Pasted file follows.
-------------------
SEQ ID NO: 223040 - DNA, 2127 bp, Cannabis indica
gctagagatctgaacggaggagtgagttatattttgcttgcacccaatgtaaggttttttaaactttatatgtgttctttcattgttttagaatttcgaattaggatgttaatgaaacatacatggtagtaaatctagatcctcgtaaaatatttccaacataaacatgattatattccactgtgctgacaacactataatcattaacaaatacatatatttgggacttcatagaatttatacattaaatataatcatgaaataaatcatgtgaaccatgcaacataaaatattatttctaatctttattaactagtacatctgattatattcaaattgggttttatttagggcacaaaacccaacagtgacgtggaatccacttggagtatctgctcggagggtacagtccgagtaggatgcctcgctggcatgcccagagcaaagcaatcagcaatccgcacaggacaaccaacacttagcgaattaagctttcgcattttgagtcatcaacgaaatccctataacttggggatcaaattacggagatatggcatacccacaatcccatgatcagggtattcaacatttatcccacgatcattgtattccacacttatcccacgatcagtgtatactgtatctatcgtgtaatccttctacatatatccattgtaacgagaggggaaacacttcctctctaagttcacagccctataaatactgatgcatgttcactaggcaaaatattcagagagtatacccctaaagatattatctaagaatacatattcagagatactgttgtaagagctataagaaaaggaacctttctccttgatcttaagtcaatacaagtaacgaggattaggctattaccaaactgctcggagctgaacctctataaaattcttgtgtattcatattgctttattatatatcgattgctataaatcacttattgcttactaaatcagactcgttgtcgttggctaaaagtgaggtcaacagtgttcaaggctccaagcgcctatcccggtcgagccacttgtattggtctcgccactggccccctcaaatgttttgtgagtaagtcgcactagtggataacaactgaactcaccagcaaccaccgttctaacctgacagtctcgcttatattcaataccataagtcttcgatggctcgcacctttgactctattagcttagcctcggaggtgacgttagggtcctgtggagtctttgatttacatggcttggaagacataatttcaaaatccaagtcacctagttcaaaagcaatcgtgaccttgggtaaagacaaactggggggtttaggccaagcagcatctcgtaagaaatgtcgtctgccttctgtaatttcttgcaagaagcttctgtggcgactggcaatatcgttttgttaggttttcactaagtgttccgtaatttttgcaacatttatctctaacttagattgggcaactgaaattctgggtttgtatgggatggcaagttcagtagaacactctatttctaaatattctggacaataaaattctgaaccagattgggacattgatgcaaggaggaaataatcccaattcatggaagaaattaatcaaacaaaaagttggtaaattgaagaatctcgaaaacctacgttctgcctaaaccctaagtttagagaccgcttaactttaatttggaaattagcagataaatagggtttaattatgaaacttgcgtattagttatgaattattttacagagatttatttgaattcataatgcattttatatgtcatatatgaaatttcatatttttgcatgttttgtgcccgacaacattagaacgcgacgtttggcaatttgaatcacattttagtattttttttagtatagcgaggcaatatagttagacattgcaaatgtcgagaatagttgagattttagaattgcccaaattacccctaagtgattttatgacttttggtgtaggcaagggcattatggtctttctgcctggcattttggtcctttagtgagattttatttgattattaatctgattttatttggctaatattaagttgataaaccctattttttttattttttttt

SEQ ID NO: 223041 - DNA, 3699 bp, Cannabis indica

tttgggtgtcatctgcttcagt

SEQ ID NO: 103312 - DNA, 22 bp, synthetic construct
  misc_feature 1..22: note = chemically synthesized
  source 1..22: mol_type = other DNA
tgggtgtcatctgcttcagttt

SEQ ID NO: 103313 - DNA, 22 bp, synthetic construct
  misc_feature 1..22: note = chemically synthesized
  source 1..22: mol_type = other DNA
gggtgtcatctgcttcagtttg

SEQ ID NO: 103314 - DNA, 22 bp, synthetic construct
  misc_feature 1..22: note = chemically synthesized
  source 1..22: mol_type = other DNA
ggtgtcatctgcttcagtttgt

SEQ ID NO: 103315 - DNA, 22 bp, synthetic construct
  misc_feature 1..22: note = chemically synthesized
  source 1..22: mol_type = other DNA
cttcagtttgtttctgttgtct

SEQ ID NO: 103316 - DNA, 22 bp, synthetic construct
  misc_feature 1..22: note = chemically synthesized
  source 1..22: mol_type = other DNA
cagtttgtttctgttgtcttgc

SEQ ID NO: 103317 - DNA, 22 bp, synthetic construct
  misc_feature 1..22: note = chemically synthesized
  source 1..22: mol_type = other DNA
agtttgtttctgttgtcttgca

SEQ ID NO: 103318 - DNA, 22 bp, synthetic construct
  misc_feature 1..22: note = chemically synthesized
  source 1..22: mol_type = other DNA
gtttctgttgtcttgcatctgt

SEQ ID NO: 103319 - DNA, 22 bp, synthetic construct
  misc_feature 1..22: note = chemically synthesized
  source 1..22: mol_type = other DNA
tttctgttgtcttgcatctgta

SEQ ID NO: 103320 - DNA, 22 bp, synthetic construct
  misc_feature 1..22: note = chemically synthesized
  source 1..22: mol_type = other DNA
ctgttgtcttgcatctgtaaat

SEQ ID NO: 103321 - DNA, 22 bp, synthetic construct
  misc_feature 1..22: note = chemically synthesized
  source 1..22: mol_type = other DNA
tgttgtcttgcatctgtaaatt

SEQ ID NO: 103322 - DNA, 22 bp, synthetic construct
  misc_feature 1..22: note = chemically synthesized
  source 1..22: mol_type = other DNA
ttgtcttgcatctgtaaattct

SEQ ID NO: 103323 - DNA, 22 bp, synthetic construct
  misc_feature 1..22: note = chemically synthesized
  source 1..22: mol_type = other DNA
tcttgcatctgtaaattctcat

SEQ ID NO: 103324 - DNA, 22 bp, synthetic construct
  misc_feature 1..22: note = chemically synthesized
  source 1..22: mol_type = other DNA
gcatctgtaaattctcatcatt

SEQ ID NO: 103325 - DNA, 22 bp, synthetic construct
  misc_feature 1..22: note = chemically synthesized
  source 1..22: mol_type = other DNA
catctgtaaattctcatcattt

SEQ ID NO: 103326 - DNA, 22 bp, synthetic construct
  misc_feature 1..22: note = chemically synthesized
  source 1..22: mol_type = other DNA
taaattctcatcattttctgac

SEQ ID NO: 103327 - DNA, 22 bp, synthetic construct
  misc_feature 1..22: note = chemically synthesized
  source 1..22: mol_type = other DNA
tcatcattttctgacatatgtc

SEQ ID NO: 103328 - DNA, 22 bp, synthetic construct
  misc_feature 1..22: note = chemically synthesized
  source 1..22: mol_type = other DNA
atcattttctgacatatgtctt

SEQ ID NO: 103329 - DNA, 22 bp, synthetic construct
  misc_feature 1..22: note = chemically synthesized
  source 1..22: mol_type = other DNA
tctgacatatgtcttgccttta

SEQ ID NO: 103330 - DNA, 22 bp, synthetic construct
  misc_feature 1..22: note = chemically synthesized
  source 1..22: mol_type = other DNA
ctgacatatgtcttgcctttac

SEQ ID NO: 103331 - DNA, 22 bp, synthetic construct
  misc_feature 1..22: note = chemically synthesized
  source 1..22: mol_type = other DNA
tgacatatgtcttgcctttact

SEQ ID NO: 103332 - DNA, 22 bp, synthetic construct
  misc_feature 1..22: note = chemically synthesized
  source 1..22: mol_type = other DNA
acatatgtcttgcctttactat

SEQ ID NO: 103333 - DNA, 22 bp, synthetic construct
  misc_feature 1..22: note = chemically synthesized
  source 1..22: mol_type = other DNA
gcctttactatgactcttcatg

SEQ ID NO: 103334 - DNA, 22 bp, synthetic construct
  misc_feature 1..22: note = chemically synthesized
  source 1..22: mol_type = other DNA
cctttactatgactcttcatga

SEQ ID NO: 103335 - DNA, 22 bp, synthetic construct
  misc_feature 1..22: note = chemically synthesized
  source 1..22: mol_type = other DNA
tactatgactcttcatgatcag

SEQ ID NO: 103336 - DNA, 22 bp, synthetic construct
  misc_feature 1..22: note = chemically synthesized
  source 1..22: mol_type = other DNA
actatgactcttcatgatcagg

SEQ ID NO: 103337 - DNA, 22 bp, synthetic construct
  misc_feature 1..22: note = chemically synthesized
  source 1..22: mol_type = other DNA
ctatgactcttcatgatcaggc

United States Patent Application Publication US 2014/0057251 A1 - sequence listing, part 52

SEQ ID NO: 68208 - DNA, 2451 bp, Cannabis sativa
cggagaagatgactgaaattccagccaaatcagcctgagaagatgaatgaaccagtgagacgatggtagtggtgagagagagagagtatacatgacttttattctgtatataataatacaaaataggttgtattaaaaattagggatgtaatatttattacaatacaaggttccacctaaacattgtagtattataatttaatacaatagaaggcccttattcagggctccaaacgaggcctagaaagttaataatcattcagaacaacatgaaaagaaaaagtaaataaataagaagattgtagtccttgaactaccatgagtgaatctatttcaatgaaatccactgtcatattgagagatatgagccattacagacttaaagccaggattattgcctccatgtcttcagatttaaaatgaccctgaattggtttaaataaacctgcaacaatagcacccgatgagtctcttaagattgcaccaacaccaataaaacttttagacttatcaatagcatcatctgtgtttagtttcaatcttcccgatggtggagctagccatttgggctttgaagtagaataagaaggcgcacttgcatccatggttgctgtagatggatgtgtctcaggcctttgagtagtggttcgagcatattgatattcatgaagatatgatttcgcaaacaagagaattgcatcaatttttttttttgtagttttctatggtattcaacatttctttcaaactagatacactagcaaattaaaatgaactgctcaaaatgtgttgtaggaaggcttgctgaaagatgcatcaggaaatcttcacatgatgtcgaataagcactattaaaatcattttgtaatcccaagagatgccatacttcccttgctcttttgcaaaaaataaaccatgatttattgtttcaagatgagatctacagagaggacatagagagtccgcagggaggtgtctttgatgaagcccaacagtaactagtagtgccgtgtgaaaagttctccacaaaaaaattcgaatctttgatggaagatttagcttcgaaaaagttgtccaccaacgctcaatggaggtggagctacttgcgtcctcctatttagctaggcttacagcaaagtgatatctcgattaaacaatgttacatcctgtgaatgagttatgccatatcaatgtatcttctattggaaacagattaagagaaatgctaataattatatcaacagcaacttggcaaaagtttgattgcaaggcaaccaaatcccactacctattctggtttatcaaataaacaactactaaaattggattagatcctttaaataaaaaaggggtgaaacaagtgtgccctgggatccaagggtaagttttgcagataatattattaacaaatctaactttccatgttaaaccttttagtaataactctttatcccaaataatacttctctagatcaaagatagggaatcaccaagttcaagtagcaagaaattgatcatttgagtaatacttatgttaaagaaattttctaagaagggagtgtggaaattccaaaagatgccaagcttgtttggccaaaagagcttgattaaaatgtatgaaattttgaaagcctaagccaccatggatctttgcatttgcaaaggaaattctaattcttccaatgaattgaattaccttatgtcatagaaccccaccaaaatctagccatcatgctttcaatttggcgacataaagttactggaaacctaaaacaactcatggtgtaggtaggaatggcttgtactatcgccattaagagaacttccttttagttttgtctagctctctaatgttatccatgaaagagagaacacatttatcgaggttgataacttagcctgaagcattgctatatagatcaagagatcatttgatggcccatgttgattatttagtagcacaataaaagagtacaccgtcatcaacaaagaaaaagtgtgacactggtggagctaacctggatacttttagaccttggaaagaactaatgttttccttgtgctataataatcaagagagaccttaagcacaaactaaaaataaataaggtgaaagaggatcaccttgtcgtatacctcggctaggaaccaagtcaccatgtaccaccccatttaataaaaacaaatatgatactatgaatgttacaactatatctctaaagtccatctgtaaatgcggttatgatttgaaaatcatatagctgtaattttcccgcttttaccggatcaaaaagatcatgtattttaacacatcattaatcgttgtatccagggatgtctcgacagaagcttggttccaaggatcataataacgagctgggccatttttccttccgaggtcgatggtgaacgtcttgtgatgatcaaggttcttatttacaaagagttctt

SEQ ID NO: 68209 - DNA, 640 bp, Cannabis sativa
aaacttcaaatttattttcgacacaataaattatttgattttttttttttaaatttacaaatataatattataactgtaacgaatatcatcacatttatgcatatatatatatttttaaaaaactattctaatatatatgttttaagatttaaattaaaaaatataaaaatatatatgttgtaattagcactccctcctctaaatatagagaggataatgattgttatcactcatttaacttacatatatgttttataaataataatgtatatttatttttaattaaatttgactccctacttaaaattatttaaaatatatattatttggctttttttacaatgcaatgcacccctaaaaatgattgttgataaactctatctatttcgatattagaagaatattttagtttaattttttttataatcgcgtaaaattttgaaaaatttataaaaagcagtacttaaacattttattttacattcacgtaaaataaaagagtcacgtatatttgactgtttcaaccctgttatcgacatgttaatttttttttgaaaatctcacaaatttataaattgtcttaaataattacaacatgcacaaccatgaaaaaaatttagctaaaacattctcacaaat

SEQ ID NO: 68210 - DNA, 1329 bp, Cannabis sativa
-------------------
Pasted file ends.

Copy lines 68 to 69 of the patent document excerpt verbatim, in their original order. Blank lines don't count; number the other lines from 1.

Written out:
tcatcattttctgacatatgtc

SEQ ID NO: 103328 - DNA, 22 bp, synthetic construct